Ganthers Place Park for All People last week was recognized with an award from Franklin Park Conservatory.

Ganthers Place Park for All People last week was recognized with an award from Franklin Park Conservatory.

On Sept. 17, the newly dedicated pocket park on the city's south side was named Neighborhood Improvement Project of the Year as part of the 2008 Growing to Green Awards.

The awards have been presented each year since 2000 as part of the conservatory's outreach program that promotes community gardening in the central Ohio area.

Ganthers Place Park, 566 Reinhard Ave., was nominated for the award by Keep Columbus Beautiful, which secured a $10,000 "Think Green" Waste Management grant from Keep America Beautiful to turn an abandoned lot into a thriving pocket park, said to be the first green park in Columbus.

"This is a great honor for them and we were just delighted," said Sherri Palmer, program manager for Keep Columbus Beautiful.

The Think Green grant was crucial in turning the park green. It paid for solar street lamps, benches made from recycled materials, composters and rain barrels. A greenhouse to benefit the neighborhood will be added in the future.

The park itself is the brainchild of two men who were recognized last week at the park's dedication.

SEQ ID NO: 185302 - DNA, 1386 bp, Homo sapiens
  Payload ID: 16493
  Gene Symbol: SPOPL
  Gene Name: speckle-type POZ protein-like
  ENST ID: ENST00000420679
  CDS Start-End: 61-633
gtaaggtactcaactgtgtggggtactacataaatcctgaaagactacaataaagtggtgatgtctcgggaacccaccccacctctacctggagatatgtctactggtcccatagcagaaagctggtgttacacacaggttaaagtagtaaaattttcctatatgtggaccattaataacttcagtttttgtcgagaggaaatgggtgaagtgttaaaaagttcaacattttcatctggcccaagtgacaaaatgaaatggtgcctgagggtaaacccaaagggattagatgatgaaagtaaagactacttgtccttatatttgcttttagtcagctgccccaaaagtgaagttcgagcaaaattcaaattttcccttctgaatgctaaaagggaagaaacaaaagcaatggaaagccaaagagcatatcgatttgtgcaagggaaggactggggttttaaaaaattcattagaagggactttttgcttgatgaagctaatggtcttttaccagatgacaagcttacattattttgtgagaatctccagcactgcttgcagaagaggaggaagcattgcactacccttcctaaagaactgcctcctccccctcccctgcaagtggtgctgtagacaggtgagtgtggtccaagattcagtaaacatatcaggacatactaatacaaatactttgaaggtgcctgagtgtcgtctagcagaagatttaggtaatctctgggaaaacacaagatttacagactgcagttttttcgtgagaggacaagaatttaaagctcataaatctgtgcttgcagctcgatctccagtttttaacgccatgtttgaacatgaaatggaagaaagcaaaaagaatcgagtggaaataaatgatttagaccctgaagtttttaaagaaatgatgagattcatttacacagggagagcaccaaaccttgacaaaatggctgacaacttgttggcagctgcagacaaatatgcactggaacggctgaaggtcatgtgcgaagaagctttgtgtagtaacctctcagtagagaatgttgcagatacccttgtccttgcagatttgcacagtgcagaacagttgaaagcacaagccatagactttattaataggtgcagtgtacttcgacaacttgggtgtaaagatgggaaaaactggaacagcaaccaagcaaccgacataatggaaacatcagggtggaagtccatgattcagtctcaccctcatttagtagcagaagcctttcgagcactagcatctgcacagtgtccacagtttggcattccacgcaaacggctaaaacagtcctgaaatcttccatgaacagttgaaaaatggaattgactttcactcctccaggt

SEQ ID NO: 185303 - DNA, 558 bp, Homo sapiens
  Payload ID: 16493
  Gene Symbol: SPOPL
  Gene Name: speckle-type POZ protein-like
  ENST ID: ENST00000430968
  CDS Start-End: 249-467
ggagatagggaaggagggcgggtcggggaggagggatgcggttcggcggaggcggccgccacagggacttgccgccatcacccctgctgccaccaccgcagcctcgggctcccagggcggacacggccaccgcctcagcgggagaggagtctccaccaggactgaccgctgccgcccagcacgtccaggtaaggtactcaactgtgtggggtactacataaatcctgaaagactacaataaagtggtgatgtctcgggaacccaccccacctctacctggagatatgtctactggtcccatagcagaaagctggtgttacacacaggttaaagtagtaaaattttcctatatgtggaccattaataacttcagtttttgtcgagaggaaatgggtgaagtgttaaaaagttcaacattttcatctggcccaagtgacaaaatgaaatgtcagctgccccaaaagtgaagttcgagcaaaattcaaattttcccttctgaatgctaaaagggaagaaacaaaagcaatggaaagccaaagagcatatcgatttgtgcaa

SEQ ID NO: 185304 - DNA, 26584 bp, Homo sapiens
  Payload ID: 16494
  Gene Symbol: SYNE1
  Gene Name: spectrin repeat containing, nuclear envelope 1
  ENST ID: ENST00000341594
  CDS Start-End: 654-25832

Allen Carrel and Ken Williams formed a block watch to help fight area blight. The garden is an extension of the block watch's mission. Carrel and Williams received a $10,000 Neighborhood Partnership Grant through the Columbus Foundation and United Way of Central Ohio to purchase the land.

"I think it is amazing that if you do the work everything else follows," Carrel said.

Carrel said Keep Columbus Beautiful was instrumental in the park's growth. He said he believed the award was a large stepping stone for receiving grants to continue adding to the park.

"I guess you don't think of all this stuff happening to you; you just think of having a better neighborhood," Carrel said.

Williams echoed much of what Carrel said.

"It just keeps us going to have people recognize our work; it just means a lot because we do get frustrated," Williams said.

Bill Dawson is the Growing to Green coordinator for Franklin Park Conservatory.

Dawson said there were 120 gardens that qualified for the award.

Both Carrel and Williams, in part, won the award because the garden has helped transform the area, Dawson said. "It's not just an oasis of pretty flowers and grass; it is transforming the neighborhood," Dawson said.